An original member of the X-Men, Jean Grey used her telepathic and telekinetic abilities to battle evil. Eventually the Phoenix Force found her and took over her body, causing all kinds of problems, including her own death!

The younger version of Jean who’s been kicking around the Marvel Universe for the past few years originally thought she came from the past, but eventually learned she and her pals traveled from an alternate dimension. Still, she worries about what the impending arrival of the Phoenix Force might mean for herself.

We talked with Silva about drawing these two together!

Marvel.com: Aside from costumes and age, what are the key physical and design differences between the two Jeans?

R.B. Silva: I believe young Jean is still developing physically, and as the story progresses, she will learn more about herself. On the other hand, classic Jean possesses this strong, invincible posture, consistent with her age.

Marvel.com:  When you first starting talking about drawing this book, was there ever any discussion about giving the original Jean a new costume? Or were you all always planning on going with the classic green and yellow look?

R.B. Silva: The classic suit was something we set for the story from the very beginning.

Marvel.com: On the other hand, you’ve got the younger Jean Grey working with a new costume. Did that take any getting used to as you got into the series?

R.B. Silva: Yes, especially those “Xs” on the chest and the gloves.

Marvel.com: Younger Jean Grey has been trying to figure out how not to become a victim of the Phoenix Force. What’s it like for her when she comes face to face with this older version of herself who’s dealt with it for years?

R.B. Silva: She feels admiration and fear. There’s a lot of respect on her partl it feels baffling to inquire of Jean/Phoenix how she deals with that sentiment all the time.

Marvel.com: How has it been working with Cullen and the editorial team on this story that promises to become a huge part in Jean Grey’s history?

R.B. Silva: Cullen is extremely talented. We have worked together before, in other projects, and that made things easier for us to develop this story. The editorial staff is perfectly synced, and I’m confident enough to say this project will be among the best ones in the whole year. I am very happy to be a part of this team.

GENERATIONS: PHOENIX & JEAN GREY from Cullen Bunn and R.B. Silva blazes a new path on August 9!

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Frank Castle braves a darkened New York City with writer Becky Cloonan!

Start spreading the news…Frank Castle’s leavin’ today.

The Punisher Road Trip 2017 comes to an end in issue #14 of writer Becky Cloonan’s PUNISHER with Frank’s triumphant return home to the Big Apple as well as guest art by Kris Anka. While criminals can’t say they’ve missed his unique brand of vigilante justice, they’ve been multiplying like cockroaches in his absence and that’s something Frank can’t allow to continue.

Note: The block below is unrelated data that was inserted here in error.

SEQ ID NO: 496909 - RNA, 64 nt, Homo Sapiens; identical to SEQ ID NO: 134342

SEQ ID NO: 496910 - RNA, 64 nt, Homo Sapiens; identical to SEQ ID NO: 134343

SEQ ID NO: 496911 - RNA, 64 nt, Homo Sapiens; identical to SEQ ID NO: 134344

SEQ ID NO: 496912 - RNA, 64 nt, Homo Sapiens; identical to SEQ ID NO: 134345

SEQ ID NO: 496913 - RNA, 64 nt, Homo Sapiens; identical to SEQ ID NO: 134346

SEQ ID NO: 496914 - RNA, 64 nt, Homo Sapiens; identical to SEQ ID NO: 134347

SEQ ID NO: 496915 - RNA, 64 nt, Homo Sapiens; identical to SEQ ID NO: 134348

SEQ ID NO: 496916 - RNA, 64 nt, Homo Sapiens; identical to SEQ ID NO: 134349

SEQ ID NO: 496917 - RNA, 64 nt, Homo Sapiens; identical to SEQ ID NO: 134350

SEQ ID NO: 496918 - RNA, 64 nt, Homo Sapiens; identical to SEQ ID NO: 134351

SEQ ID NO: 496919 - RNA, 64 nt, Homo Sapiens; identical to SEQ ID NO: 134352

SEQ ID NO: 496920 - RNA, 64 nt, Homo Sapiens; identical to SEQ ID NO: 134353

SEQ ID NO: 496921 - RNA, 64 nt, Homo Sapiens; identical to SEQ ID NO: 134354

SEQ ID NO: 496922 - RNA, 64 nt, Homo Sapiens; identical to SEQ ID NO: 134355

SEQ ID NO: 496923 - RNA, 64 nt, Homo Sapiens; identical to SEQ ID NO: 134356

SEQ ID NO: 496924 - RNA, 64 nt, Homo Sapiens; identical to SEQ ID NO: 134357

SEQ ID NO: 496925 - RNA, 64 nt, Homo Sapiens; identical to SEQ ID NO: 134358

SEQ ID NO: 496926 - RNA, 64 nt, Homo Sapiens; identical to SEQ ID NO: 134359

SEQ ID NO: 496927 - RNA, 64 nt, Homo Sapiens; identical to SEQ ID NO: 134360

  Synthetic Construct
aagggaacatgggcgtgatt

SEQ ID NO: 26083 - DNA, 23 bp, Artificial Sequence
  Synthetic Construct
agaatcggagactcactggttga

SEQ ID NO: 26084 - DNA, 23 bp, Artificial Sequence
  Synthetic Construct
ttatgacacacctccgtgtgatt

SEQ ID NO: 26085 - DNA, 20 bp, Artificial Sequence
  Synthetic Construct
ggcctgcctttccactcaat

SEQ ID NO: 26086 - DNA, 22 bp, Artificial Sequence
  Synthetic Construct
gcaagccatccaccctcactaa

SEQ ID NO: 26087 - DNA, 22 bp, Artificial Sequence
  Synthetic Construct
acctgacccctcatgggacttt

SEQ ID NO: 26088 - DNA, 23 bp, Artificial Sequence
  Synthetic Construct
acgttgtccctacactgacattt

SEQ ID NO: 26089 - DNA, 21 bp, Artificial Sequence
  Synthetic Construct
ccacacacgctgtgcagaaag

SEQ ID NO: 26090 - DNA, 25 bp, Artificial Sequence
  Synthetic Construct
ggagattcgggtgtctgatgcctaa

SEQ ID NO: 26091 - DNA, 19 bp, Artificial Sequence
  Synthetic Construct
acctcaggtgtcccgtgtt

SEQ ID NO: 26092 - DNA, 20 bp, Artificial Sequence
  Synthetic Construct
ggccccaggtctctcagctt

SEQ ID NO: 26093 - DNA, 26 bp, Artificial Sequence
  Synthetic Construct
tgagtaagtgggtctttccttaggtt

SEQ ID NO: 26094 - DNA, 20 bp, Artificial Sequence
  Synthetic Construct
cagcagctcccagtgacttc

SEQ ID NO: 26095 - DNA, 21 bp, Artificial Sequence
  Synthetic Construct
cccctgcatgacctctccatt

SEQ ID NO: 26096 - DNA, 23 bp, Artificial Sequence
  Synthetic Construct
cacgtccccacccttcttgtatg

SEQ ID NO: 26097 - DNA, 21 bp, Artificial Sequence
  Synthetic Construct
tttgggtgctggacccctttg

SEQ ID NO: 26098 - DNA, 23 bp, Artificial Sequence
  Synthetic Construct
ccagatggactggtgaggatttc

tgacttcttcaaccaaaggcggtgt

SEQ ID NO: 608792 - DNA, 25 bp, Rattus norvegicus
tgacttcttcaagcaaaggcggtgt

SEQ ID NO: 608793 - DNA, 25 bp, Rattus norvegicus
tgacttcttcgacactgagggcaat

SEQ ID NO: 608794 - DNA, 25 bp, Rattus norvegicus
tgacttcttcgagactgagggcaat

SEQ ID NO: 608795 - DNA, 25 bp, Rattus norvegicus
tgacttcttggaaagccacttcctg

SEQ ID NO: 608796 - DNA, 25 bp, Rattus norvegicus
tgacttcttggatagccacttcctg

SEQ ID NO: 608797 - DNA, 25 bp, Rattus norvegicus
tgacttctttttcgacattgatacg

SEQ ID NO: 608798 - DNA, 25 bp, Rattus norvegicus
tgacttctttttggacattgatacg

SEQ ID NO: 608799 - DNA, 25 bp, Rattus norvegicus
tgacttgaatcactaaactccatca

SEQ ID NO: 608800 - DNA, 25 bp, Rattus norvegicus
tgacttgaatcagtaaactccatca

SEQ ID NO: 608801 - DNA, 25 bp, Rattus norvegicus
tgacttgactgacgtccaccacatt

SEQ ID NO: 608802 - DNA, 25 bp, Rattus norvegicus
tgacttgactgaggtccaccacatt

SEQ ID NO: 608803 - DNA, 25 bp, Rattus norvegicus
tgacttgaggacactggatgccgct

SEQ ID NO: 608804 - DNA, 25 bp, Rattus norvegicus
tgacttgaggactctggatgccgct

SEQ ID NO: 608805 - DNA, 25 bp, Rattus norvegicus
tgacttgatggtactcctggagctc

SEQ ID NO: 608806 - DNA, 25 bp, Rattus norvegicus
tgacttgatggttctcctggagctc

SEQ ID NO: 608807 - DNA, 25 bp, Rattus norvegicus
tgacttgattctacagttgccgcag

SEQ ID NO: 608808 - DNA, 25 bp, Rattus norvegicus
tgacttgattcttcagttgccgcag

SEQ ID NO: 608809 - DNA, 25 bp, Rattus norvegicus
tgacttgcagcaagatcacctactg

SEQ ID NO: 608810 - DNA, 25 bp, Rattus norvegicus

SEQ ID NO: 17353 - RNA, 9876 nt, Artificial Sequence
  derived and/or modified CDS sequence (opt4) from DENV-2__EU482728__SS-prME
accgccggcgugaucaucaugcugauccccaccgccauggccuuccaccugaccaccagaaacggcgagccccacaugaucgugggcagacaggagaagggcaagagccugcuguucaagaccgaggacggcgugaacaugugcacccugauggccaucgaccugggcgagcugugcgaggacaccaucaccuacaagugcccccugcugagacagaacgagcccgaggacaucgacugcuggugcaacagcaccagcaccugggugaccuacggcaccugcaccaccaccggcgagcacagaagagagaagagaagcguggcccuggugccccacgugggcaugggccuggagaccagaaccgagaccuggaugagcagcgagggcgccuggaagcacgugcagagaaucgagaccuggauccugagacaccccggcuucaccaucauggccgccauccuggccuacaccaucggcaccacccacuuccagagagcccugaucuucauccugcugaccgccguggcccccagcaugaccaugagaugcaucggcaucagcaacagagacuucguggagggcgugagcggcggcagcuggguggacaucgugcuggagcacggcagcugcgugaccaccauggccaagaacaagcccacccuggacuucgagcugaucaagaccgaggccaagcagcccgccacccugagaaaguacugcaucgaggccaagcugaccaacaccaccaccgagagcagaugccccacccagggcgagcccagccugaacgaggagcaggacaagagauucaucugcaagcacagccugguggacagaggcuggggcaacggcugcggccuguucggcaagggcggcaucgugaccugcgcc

Moreover, he’s got a citywide blackout to deal with and a key missing piece of his arsenal to find. In short, no one’s throwing a cushy homecoming party for The Punisher. We spoke with former New York resident Cloonan about Frank’s plans for shooting his way back to his rightful place as king of the hill, top of the heap.

Marvel.com: Since The Punisher is back in town, what’s his first order of business other than destroying all of the crime in NYC, that is?

Becky Cloonan: Frank is welcomed back home by a bunch of criminals, who have no doubt missed him very much! He’s no sooner back in the comfort of his own home, [when] he finds a piece from his arsenal has gone missing—and that’s how it starts. So before he does anything, he’s gotta find that gun.

Marvel.com: In that vein, what excited you most about bringing Frank back home?

Becky Cloonan: I spent 14 years living in New York, in Queens and Brooklyn respectively, before moving to Montreal and then Texas. Even though the city and I have done so much changing, I still feel like it’s a second home. So in a way, this is a homecoming for both of us. It’s been so much fun being back in the city—vicariously! [Laughs]

Marvel.com: Were you hoping to set a different tone from his time on the road? If so, can you elaborate on what that tone will feel like?

Becky Cloonan: This is The Punisher at his best, on home turf with the whole city at his disposal. He has to overcome new challenges and villains every issue, but that’s not to say he won’t see a familiar face from his time on the road…

The Punisher #14 cover by Declan Shalvey

Marvel.com: What’s changed since he’s been away? Have criminals been lulled into a false sense of security in his absence?

Becky Cloonan: Bad guys are crawling out of the woodwork! They are like cockroaches; if you see one, you can be sure there are a hundred more lurking just out of sight. Frank’s got his hands full with everything from bored teenagers to career criminals, robbers and thugs—maybe even a serial killer for good measure! There’s certainly enough crime in the Big Apple to keep Frank busy.

Marvel.com: What are the challenges Frank will face from a citywide blackout in PUNISHER #14? What are the advantages to such a situation?

Becky Cloonan: What would seem like an edge for the bad guys ends up being [an] advantage [for] Punisher. His main upper hand is the fact that the criminals think they have the upper hand. Frank uses this to his advantage. Oh, and since he wrecked his van on the last road trip, he had to get a new car. It’s a lot of fun!